Originally Posted by Brian McIlmoyle
There was lots said that never made it into the show.. I managed to stay on message well enough that even with all the cutting.. what I wanted to say came out.
Its easy to say this was a "negative" peice .. and that the CBC "had an agenda" After talking to the producer for an hour on the phone before I agreed to let them in to FACT to interview me I felt that he was simply trying to get to the bottom of the irrational regulations governing imitation guns.
He had done some research ( quite a bit of it on ASC ) and wanted to show "responsible people having fun with imitation guns" As a counterpoint to the BAN position posited by SOME of the police"
You note that the officer from Durham region who was instrumental in getting their 18+ possession bylaw passed stated clearly " I have no problem with responsible use in the proper place"
I don't really think that public exposure of AS in main stream media serves our interest. However when Media focuses specifically on AS and imitation guns as this story did, I do think it is important to have the proper perception presented. That is why I agreed to the interview and agreed to let them video some of the action.
The next thing to do is find out who is in the government working group mentioned in the story and get talking to those people.
Does anyone know anything about this working group?
I applaud your decision.
It must have been very difficult to make a call like that but being heard is preferable to having only the alternative viewpoint expressed.
I think there are really two entirely separate issues here.
One is an entirely emotional issue, with police facing a moral dilemma in that shooting someone for appearing to be armed doesn't provide the same sense of justification as shooting someone who is actually armed with a RS weapon. The perception of threat is still there. Police are human beings. Human beings, especially those who elect to shoulder heavy responsibilities can have a great deal of trouble when they do their job and something horribly stupid results. One can intellectually separate legally justified actions and examine them objectively, but emotional issues and personal doubt are not so easily reasoned away. I'd be more concerned about police who don't wrestle with making peace with themselves over shooting some kid with a plastic gun, even if they were entirely justified.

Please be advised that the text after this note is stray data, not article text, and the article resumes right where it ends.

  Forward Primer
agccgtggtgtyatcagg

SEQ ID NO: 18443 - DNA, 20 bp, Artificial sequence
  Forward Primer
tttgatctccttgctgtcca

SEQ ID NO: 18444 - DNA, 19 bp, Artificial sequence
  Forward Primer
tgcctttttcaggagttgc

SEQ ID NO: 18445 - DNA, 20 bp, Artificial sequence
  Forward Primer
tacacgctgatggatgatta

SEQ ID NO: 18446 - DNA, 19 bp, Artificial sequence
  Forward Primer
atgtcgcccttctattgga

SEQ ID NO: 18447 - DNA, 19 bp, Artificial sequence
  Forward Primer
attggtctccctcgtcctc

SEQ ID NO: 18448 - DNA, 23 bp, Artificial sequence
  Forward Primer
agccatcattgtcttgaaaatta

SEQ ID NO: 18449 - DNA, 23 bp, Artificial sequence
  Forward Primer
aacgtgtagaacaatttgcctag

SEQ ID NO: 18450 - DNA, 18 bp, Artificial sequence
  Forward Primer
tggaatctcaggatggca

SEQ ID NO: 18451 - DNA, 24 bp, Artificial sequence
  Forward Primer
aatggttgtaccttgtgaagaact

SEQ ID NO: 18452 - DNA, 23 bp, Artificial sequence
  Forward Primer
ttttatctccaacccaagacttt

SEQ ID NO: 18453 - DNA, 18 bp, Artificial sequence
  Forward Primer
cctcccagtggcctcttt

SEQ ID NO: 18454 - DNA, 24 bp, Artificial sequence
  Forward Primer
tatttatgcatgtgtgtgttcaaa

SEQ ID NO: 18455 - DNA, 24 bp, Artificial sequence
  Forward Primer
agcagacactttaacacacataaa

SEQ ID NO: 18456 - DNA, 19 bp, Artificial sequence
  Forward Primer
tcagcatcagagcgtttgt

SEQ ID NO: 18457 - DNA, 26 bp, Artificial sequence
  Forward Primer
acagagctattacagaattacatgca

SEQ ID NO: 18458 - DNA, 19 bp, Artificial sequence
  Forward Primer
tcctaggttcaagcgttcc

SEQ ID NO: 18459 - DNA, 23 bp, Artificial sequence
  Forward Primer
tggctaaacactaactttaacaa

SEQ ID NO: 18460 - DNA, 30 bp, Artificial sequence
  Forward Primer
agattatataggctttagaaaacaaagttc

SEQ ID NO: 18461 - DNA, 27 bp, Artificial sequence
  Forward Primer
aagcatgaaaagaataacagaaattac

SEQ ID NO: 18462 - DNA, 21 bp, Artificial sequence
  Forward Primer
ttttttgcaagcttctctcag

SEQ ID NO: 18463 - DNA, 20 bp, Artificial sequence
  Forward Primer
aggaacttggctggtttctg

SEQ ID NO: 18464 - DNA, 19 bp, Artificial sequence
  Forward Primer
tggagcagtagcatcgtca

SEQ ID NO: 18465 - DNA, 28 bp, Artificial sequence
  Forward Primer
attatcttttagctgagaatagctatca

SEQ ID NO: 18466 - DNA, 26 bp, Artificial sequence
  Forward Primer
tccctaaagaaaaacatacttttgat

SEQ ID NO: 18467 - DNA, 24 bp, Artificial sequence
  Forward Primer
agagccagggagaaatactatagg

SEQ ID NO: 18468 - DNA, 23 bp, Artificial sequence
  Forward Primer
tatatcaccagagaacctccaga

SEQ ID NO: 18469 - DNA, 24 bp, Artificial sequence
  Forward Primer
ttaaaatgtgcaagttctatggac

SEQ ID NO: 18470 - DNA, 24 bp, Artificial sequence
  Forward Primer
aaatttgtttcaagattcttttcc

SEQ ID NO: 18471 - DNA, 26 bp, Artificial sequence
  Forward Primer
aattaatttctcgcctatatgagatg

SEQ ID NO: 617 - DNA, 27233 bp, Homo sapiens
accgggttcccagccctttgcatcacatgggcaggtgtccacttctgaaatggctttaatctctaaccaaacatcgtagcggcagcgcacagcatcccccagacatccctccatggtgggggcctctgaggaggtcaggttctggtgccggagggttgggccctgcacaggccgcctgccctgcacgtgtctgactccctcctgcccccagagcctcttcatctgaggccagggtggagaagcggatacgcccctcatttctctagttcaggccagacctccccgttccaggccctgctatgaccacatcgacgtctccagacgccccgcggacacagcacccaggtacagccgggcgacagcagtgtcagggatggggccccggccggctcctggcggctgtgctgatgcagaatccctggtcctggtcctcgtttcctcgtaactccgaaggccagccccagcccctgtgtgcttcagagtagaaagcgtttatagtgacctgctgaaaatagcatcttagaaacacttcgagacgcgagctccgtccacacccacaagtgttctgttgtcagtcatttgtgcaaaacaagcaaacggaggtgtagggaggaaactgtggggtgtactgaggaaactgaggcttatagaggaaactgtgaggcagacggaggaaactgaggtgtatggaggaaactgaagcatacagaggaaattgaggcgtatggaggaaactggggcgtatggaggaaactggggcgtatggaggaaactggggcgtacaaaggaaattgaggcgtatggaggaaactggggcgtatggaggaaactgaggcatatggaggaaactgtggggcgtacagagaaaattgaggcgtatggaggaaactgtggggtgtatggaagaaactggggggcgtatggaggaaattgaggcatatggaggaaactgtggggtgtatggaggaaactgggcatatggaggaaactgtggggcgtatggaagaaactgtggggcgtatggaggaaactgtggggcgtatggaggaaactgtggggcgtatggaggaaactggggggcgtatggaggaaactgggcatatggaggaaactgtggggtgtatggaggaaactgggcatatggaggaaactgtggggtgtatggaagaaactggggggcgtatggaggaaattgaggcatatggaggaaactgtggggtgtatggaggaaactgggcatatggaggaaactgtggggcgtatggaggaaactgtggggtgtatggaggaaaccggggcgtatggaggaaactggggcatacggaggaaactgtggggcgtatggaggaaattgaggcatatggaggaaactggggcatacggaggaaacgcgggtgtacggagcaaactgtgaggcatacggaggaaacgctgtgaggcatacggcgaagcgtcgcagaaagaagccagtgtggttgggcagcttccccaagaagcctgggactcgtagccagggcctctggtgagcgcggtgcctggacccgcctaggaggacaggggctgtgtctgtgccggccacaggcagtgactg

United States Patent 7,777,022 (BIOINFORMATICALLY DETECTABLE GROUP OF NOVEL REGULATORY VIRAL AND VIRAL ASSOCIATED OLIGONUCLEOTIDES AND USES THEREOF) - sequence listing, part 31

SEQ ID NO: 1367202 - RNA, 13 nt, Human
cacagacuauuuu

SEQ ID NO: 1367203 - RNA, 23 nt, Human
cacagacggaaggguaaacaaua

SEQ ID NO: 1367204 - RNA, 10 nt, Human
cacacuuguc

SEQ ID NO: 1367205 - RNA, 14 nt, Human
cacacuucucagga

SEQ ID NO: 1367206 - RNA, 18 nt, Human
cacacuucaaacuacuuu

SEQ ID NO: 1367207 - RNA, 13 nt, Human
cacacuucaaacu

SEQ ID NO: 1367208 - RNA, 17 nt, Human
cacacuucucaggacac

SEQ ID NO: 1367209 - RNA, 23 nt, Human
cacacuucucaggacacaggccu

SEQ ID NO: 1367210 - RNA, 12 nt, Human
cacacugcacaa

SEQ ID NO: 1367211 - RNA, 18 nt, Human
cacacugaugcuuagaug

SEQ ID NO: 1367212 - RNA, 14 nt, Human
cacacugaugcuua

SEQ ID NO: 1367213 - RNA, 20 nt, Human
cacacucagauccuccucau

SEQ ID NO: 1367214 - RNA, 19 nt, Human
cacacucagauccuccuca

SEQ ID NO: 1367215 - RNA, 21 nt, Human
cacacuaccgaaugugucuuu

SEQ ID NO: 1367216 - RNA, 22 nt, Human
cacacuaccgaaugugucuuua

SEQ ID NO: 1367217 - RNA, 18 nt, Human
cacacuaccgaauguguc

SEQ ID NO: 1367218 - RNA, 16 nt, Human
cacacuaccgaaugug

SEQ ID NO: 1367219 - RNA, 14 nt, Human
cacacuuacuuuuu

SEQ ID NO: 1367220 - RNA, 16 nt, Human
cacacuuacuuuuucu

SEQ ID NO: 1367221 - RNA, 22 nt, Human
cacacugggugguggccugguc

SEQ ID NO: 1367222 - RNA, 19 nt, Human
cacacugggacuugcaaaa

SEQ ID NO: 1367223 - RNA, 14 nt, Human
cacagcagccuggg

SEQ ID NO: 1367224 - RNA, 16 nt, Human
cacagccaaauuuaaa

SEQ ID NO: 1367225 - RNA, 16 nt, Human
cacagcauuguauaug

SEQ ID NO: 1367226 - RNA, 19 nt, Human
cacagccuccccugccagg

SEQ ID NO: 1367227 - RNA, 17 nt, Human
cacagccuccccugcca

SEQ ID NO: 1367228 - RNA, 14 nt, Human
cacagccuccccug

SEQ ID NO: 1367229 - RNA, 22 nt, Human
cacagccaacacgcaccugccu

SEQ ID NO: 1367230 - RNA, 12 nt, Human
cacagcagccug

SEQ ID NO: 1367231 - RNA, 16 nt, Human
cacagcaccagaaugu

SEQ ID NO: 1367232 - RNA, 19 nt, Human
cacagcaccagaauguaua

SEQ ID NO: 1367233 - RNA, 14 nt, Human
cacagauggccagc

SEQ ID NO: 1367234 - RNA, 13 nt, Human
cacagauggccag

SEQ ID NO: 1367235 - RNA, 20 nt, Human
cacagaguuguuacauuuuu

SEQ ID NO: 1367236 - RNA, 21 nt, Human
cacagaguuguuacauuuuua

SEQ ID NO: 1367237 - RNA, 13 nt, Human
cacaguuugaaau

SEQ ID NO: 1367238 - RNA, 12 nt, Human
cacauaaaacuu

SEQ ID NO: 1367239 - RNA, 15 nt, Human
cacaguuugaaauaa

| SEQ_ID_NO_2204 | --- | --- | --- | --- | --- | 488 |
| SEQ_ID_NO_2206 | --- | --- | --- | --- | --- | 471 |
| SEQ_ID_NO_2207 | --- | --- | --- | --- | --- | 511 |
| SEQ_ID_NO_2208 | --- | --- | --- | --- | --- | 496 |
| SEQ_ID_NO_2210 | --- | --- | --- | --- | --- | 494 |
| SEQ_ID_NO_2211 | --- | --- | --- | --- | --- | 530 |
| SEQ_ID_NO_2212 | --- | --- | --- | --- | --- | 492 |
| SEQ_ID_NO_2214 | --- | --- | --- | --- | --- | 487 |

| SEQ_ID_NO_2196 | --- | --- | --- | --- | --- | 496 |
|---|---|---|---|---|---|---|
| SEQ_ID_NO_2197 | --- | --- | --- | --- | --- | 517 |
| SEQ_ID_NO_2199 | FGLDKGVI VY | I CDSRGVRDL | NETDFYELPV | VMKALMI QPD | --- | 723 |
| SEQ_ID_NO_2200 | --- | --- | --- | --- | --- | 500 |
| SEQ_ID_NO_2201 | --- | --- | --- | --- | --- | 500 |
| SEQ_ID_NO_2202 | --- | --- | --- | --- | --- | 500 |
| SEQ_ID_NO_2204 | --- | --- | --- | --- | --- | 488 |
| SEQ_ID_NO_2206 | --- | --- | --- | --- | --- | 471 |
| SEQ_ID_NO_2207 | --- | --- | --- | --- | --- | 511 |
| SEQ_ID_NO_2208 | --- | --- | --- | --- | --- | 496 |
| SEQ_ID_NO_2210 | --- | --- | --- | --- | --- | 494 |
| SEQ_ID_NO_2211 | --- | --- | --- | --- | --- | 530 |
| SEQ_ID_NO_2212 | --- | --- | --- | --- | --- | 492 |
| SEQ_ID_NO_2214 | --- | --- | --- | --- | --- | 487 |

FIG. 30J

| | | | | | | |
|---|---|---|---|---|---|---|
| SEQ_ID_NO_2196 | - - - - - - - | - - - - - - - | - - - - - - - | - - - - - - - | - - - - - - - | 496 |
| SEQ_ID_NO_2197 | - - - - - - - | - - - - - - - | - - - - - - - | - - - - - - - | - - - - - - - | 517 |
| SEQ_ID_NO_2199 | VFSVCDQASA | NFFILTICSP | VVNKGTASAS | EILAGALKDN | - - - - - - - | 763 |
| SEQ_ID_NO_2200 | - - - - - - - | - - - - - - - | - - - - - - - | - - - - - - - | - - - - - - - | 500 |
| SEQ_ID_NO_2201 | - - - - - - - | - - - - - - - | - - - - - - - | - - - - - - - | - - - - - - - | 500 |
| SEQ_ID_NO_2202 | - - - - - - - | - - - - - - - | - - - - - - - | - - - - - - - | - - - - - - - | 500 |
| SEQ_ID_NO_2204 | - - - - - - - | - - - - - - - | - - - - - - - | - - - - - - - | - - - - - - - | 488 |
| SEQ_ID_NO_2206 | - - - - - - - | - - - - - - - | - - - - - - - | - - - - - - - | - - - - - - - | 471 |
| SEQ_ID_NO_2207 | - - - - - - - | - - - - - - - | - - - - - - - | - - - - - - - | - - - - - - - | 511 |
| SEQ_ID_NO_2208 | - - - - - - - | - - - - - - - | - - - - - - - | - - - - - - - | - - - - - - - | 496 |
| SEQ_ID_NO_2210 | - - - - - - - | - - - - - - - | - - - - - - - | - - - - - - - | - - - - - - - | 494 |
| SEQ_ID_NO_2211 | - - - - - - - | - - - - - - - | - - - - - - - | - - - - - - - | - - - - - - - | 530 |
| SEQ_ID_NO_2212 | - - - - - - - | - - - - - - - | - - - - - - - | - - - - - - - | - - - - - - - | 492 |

We are in no way justified in attacking someone who has to live with something like that, but that doesn't mean either that we can't pose the objective opposing view. We should.
The hockey stick analogy, while perfect in every sense logically, doesn't address the part of human nature that wants a simple answer and absolution from guilt.
I personally have far less problem with someone holding up a store with an airsoft gun than using a RS weapon... Less chance of the victim getting hurt.
I also have no problem with a LEO then shooting that person twice in center chest for being a menace to society, and once in the head for good measure, for being an idiot and bringing a BB gun to a shoot out. Darwin wins, and it saves the taxpayers and the gene pool the cost of his further contributions.
The folks who then cry that he wasn't carrying a RS weapon, need to go for a ride-along and see that with which the police have to deal. Maybe too, seeing airsoft used as a non-injurious training tool to help police make good decisions in the field could give people a more objective perspective.
I'd also be more concerned about the effects of not having the media over for tea once in a while, even if they abuse it a bit. Good on ya for making a tough call.
The other problem is perception. Rational or not.
Though benign in appearance, a #2 Ticonderoga Pencil can be employed very effectively as a weapon... or for providing information.
An airsoft gun merely gives the appearance of hostility, without the ability to cause serious harm to others. With airsoft arms people lose track of where the Halloween Funhouse ends and reality begins. Is a thing dangerous by appearing to be or is the threat in its use or abuse?
The answer, I think,is that rather than to get all "up in arms," people should pick up their pencils. Rather than shy from this, I suspect that loudly and publicly supporting the police in the face of justifiable shootings will get more people thinking rationally and get a more positive reaction.
We have an honor based game... Candor is a good companion for Honor and more credible than silence.